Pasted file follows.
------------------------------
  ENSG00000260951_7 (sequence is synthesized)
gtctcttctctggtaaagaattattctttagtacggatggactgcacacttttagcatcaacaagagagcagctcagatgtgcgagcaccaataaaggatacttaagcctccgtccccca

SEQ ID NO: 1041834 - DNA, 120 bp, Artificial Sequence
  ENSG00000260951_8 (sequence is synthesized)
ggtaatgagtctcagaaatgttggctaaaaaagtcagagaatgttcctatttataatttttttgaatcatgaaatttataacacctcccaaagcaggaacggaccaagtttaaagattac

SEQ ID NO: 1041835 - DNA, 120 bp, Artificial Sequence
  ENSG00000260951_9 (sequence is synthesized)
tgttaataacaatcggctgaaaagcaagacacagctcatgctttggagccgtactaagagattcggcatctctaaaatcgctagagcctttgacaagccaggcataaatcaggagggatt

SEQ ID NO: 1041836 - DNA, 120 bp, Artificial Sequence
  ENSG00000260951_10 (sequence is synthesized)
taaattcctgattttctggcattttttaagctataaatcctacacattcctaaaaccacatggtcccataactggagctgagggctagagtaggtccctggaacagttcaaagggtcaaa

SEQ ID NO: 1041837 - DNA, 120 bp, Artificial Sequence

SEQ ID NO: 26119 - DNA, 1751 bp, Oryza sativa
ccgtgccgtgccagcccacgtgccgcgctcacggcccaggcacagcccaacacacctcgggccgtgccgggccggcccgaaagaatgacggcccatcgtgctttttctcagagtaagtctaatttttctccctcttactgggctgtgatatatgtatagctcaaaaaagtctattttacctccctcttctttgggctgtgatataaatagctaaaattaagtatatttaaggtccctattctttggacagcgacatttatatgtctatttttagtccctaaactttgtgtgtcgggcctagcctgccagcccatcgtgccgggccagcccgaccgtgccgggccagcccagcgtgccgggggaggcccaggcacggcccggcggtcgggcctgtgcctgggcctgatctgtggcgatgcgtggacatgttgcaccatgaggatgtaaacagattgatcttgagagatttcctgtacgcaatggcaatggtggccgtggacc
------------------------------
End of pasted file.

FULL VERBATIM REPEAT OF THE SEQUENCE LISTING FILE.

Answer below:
  ENSG00000260951_7 (sequence is synthesized)
gtctcttctctggtaaagaattattctttagtacggatggactgcacacttttagcatcaacaagagagcagctcagatgtgcgagcaccaataaaggatacttaagcctccgtccccca

SEQ ID NO: 1041834 - DNA, 120 bp, Artificial Sequence
  ENSG00000260951_8 (sequence is synthesized)
ggtaatgagtctcagaaatgttggctaaaaaagtcagagaatgttcctatttataatttttttgaatcatgaaatttataacacctcccaaagcaggaacggaccaagtttaaagattac

SEQ ID NO: 1041835 - DNA, 120 bp, Artificial Sequence
  ENSG00000260951_9 (sequence is synthesized)
tgttaataacaatcggctgaaaagcaagacacagctcatgctttggagccgtactaagagattcggcatctctaaaatcgctagagcctttgacaagccaggcataaatcaggagggatt

SEQ ID NO: 1041836 - DNA, 120 bp, Artificial Sequence
  ENSG00000260951_10 (sequence is synthesized)
taaattcctgattttctggcattttttaagctataaatcctacacattcctaaaaccacatggtcccataactggagctgagggctagagtaggtccctggaacagttcaaagggtcaaa

SEQ ID NO: 1041837 - DNA, 120 bp, Artificial Sequence

SEQ ID NO: 26119 - DNA, 1751 bp, Oryza sativa
ccgtgccgtgccagcccacgtgccgcgctcacggcccaggcacagcccaacacacctcgggccgtgccgggccggcccgaaagaatgacggcccatcgtgctttttctcagagtaagtctaatttttctccctcttactgggctgtgatatatgtatagctcaaaaaagtctattttacctccctcttctttgggctgtgatataaatagctaaaattaagtatatttaaggtccctattctttggacagcgacatttatatgtctatttttagtccctaaactttgtgtgtcgggcctagcctgccagcccatcgtgccgggccagcccgaccgtgccgggccagcccagcgtgccgggggaggcccaggcacggcccggcggtcgggcctgtgcctgggcctgatctgtggcgatgcgtggacatgttgcaccatgaggatgtaaacagattgatcttgagagatttcctgtacgcaatggcaatggtggccgtggacc